Consequently, the Board agreed that there should be another opportunity for stakeholders to make suggestions for changes to the proposal, and a second vote would be held at an Extraordinary General Meeting (EGM) in April 2020.

This process has commenced and stakeholders have been logging their recommendations on the Governance Commission email. These points will be considered by the Governance Commission in January.

In February, the Board will receive feedback from the Governance Commission on the proposed changes, and we will be able to decide on the changes necessary. But the reform is important and has been supported with a clear majority throughout the process, and it is therefore crucial for MNAs to provide their input in the next two weeks.

The Board has received letters from a group of MNAs wanting to cancel the planned EGM meeting and again seeking to defer the decision until after 2020. This form letter was sent to a wide distribution list, which has resulted in comments from many MNAs expressing their disappointment and concern at the campaign being run by those who are resistant to change. These MNAs have encouraged us to continue with the project and the EGM.

CEO Update
With regards to the process of appointing a new Chief Executive Officer, we have appointed Odgers Berndtson as our executive search partner. This critical assignment will be led by their Managing Partner Simon Cummins, who is a keen and active day skipper.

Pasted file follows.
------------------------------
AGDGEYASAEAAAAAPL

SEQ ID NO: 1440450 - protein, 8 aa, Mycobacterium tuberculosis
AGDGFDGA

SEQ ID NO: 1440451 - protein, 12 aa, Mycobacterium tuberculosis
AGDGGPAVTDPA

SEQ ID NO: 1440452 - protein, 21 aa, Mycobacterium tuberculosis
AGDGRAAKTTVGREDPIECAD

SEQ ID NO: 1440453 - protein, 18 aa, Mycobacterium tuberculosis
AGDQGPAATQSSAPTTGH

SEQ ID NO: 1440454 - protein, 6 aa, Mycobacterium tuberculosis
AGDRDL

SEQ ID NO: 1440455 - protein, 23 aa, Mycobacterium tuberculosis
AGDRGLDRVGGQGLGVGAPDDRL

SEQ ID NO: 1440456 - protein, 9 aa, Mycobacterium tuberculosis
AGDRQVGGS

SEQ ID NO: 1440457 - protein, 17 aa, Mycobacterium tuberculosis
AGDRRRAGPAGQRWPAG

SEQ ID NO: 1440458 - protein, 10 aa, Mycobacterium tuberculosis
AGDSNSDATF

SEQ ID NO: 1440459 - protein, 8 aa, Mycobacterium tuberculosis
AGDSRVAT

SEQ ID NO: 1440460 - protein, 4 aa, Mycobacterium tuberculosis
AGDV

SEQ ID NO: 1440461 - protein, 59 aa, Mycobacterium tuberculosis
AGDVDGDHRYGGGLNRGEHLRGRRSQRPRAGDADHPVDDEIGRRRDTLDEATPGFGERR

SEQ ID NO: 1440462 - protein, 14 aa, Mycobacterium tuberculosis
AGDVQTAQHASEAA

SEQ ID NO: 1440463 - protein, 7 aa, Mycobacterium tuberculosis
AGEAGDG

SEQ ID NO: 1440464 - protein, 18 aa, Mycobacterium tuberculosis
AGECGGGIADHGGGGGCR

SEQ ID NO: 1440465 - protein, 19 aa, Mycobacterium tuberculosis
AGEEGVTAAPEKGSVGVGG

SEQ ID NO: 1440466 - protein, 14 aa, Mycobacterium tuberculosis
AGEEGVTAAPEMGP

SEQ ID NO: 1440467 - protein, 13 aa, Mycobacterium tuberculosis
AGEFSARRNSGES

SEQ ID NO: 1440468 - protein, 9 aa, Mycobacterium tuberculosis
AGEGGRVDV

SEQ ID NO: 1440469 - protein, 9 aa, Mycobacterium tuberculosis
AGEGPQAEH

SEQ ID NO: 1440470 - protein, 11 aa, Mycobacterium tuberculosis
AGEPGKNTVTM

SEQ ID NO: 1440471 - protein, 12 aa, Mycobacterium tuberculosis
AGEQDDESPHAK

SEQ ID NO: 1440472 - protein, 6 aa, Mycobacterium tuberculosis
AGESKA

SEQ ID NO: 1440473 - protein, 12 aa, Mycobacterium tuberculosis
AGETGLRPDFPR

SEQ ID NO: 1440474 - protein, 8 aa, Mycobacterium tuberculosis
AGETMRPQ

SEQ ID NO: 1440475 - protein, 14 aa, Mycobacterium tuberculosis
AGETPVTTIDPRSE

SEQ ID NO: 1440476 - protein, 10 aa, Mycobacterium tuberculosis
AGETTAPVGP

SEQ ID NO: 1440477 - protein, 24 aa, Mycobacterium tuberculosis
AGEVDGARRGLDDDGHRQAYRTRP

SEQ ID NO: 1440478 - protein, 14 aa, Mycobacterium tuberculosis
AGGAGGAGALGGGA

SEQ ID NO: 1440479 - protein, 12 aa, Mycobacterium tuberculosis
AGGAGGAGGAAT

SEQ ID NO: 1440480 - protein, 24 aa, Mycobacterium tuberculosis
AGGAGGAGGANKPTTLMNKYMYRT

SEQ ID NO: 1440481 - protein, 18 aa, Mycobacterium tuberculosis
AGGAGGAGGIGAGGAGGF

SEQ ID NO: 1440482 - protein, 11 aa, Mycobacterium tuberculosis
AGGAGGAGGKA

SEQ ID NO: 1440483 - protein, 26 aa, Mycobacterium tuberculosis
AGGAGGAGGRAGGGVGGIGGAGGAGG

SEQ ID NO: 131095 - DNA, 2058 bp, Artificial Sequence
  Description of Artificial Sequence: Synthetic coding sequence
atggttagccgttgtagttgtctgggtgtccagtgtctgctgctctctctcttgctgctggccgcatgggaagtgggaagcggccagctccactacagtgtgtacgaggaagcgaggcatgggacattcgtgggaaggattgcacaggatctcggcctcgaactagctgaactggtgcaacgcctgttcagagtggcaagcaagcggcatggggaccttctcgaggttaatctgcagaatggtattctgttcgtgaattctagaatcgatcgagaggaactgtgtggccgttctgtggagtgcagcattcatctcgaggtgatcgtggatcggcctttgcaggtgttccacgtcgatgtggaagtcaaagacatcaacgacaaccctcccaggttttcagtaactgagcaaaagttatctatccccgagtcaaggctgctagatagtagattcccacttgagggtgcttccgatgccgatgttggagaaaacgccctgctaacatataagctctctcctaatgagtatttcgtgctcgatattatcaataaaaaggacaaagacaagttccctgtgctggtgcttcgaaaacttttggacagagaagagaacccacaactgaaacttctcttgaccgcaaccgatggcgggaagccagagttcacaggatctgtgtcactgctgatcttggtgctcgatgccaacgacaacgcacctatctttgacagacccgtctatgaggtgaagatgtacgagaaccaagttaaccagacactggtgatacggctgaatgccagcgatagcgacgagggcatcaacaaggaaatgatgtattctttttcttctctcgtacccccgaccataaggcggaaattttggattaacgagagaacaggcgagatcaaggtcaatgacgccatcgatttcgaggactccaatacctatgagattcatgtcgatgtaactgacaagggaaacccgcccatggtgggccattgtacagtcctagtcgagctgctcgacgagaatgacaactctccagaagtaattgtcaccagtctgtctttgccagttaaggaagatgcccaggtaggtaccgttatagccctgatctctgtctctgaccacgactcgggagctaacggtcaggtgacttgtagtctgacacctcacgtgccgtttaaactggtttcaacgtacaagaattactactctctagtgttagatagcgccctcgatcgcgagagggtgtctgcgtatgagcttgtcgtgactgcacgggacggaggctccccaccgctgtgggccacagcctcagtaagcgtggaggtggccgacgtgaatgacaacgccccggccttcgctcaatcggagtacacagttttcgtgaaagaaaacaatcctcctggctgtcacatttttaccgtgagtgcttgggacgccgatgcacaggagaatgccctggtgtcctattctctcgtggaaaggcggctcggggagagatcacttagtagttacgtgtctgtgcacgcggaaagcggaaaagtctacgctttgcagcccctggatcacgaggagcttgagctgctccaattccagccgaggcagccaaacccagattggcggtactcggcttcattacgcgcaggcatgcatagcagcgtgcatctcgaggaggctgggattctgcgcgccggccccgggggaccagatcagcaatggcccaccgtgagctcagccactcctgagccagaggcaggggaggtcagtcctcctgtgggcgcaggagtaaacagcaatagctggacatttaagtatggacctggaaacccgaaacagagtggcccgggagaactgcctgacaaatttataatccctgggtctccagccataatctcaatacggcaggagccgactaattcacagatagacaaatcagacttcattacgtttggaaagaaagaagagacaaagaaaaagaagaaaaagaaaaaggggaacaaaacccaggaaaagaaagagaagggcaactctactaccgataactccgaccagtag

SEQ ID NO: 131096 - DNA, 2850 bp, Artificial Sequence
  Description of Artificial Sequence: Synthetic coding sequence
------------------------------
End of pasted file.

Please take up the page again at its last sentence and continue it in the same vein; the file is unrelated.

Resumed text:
Odgers are among the leading executive search firms in global sport and are very experienced in the world of IFs, NGBs, NOCs and the Olympic and Paralympic ecosystem.

Many potential candidates have shown interest in the World Sailing CEO position. If you would like to apply for the role, please email your CV and a covering note to Federico Filippi at federico.filippi@odgersberndtson.com.

I would like to thank all of the applicants for the interest shown in this very important role for World Sailing. Finally, I would like to leave you with World Sailing’s video summarizing 2019 in sailing, showcasing the best bits from a range of classes and regattas across the year!

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I hope that this monthly newsletter continues to provide you with insights into the direction of our organization and our sport. As always, should you have any questions, concerns or insights please feel free to get in contact with me via email, Facebook, or Twitter.